Educating and training our people for the future

Weekly webinars have been just one of the ways the Digital Nurse Network has developed the online skills of general practice nurses across the country and build a digital-ready workforce in primary care.

In the first phase of the COVID-19 response, the NHS had to put many formal training pathways and placements on hold so that everyone could focus on the immediate priority of supporting patients. Now, employers, line managers and supervisors must once again create the time and space for the training and development of our people, and our future colleagues, with a renewed emphasis on the importance of flexible skills and building capabilities rather than staying within traditionally-defined roles.

I’m a second-year medical student at Birmingham University, and when coronavirus hit earlier this year, like many other students, we were told our exams were cancelled. We were, however, offered the chance to train as an NHS 111 call assessor – and I’m very pleased I did. It’s a massive reward when you know you’ve helped someone, especially when they thank you at the end of the call and say they’re going to pray for you. Even as doctors in training – all we want to do is help people to the best of our ability.

Medical student & 111 call handler, West midlands

This is expected to include:

Maintaining education to grow the future workforce: Employers should fully integrate education and training into their plans to rebuild and restart clinical services, releasing the time of educators and supervisors to continue growing our workforce; and supporting expansion of clinical placement capacity during the remainder of 2020/21; and also providing an increased focus on support for students and trainees, particularly those deployed during the pandemic response.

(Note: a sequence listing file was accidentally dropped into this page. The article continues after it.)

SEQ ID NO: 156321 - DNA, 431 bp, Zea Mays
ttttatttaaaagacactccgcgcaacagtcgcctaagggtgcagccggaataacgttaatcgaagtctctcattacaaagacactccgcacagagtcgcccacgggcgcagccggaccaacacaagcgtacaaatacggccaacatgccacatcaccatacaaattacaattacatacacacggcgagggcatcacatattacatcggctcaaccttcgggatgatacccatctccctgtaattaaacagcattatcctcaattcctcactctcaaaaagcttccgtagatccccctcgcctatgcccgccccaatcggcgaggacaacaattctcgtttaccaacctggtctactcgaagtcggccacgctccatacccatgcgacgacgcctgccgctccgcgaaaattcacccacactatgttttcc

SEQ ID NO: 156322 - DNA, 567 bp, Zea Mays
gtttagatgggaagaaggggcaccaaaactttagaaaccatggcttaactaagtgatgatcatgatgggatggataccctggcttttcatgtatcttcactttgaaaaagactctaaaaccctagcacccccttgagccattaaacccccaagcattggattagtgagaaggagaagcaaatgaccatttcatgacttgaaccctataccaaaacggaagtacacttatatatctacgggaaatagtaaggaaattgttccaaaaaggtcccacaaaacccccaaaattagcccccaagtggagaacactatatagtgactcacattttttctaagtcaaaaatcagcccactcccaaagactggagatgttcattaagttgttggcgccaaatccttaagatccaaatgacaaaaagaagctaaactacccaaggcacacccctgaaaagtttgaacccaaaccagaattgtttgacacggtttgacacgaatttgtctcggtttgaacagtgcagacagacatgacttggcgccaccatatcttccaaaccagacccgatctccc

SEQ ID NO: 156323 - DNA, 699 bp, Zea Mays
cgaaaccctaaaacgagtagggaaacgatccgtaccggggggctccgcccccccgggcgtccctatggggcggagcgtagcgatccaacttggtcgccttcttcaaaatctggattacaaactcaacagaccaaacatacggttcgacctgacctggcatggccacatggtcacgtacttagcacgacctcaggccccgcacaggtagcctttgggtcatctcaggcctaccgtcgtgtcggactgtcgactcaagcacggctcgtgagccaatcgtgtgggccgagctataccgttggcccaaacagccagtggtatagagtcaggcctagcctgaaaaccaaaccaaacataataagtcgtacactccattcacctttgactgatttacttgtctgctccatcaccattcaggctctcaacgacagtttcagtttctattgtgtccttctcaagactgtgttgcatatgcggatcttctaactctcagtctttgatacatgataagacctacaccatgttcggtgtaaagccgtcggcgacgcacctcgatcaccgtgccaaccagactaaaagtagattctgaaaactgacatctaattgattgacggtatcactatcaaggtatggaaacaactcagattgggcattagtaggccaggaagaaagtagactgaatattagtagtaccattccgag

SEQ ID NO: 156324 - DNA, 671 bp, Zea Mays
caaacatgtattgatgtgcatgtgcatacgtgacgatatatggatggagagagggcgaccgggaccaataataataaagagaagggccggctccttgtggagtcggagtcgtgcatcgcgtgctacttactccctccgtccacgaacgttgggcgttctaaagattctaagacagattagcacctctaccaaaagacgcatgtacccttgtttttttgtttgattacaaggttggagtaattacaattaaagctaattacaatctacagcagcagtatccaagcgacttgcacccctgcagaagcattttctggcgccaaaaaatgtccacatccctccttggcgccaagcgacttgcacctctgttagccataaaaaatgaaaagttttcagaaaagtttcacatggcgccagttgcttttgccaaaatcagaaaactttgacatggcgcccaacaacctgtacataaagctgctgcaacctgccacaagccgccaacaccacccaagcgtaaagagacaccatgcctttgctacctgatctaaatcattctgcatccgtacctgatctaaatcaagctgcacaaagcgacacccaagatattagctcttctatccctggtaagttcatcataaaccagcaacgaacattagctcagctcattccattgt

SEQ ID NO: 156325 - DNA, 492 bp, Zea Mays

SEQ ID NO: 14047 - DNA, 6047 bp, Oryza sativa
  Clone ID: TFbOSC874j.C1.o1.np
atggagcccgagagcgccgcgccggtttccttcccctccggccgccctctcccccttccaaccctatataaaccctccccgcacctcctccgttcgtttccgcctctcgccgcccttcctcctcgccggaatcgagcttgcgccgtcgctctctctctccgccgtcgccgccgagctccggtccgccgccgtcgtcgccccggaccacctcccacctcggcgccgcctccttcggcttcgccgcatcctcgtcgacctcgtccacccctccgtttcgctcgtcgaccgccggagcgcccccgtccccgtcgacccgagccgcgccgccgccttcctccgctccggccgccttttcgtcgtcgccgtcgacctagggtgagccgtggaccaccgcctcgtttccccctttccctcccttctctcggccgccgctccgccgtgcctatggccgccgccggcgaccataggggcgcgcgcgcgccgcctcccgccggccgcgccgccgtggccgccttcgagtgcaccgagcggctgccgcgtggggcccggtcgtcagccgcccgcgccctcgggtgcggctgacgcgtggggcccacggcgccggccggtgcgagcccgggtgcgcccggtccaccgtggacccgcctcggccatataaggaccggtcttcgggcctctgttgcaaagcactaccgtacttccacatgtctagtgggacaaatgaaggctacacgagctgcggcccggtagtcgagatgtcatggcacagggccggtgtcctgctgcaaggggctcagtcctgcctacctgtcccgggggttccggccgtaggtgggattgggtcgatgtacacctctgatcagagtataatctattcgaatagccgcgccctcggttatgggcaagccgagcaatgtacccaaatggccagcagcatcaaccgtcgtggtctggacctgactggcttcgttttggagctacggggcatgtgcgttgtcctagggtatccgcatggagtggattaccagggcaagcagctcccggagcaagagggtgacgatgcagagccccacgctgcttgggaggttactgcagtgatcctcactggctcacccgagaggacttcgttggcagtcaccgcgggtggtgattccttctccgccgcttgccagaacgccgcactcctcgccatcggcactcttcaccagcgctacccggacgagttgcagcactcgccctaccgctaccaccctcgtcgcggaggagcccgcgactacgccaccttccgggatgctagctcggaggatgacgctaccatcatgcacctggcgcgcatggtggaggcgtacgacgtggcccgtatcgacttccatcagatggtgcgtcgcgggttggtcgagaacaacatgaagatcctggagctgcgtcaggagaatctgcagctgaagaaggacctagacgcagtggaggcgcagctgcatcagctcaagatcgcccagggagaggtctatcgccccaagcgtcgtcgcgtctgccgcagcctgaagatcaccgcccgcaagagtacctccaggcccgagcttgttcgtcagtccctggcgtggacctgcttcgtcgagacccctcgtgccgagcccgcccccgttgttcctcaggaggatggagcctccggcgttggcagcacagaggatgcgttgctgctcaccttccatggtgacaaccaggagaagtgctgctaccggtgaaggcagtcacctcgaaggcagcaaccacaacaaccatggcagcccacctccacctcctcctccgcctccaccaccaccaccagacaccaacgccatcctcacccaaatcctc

For medical trainees, employers should ensure that training in procedure-based competencies is restored as services resume and are redesigned to sustain the pipeline of new consultants in hospital specialties.

Continuing professional development: During 2020/21 employers must make sure our people have access to continuing professional development, supportive supervision and protected time for training. Employers have received new funding to support the continuing professional development of nurses, midwives and allied health professionals, equivalent to £1,000 per person over three years. Employers will need to support this investment through backfilling staff time during training.

Support for clinical placements: To support employers in educating and training the next general of professionals, HEE is establishing a £10m fund to drive increased placement capacity for nurses, midwives and allied health professionals, and to support the development of technology-enhanced clinical placements.

Expanding e-learning: In 2020/21, HEE will further develop its e-learning materials, including simulation, building on the offer provided in response to COVID.

Investing in online education: From January 2021, several universities across England will start delivering a pre-registration blended learning nursing degree programme, commissioned by HEE. The programme aims to increase the appeal of a nursing career by widening access and providing a more flexible approach to learning, using current and emerging innovative and immersive technologies. HEE will also pursue this blended learning model for entry to other professions.

An additional starting point for nursing degrees – making a total of three intakes per year – responds to the surge in interest in, and applications to, nursing degrees as well as the demand from the NHS.